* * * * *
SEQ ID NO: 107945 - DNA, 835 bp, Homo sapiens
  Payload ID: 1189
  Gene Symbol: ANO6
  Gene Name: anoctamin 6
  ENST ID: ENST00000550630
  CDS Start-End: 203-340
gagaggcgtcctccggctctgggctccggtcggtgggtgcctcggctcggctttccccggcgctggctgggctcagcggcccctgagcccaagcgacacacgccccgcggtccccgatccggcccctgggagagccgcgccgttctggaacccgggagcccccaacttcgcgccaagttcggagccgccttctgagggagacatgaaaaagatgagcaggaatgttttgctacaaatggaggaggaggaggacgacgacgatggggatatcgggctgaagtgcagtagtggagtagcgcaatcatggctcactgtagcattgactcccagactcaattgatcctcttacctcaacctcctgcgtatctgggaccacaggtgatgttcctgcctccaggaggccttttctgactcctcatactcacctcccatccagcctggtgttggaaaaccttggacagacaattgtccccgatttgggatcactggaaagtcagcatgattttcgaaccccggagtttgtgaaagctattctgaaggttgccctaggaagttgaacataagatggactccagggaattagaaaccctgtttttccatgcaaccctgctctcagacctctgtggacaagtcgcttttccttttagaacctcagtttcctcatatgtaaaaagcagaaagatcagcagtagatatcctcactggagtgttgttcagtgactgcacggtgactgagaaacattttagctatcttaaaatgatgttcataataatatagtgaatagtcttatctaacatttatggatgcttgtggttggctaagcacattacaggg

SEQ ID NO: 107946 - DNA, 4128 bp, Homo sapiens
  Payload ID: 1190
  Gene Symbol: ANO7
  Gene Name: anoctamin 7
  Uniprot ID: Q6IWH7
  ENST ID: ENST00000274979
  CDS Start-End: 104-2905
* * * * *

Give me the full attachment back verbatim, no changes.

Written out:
SEQ ID NO: 107945 - DNA, 835 bp, Homo sapiens
  Payload ID: 1189
  Gene Symbol: ANO6
  Gene Name: anoctamin 6
  ENST ID: ENST00000550630
  CDS Start-End: 203-340
gagaggcgtcctccggctctgggctccggtcggtgggtgcctcggctcggctttccccggcgctggctgggctcagcggcccctgagcccaagcgacacacgccccgcggtccccgatccggcccctgggagagccgcgccgttctggaacccgggagcccccaacttcgcgccaagttcggagccgccttctgagggagacatgaaaaagatgagcaggaatgttttgctacaaatggaggaggaggaggacgacgacgatggggatatcgggctgaagtgcagtagtggagtagcgcaatcatggctcactgtagcattgactcccagactcaattgatcctcttacctcaacctcctgcgtatctgggaccacaggtgatgttcctgcctccaggaggccttttctgactcctcatactcacctcccatccagcctggtgttggaaaaccttggacagacaattgtccccgatttgggatcactggaaagtcagcatgattttcgaaccccggagtttgtgaaagctattctgaaggttgccctaggaagttgaacataagatggactccagggaattagaaaccctgtttttccatgcaaccctgctctcagacctctgtggacaagtcgcttttccttttagaacctcagtttcctcatatgtaaaaagcagaaagatcagcagtagatatcctcactggagtgttgttcagtgactgcacggtgactgagaaacattttagctatcttaaaatgatgttcataataatatagtgaatagtcttatctaacatttatggatgcttgtggttggctaagcacattacaggg

SEQ ID NO: 107946 - DNA, 4128 bp, Homo sapiens
  Payload ID: 1190
  Gene Symbol: ANO7
  Gene Name: anoctamin 7
  Uniprot ID: Q6IWH7
  ENST ID: ENST00000274979
  CDS Start-End: 104-2905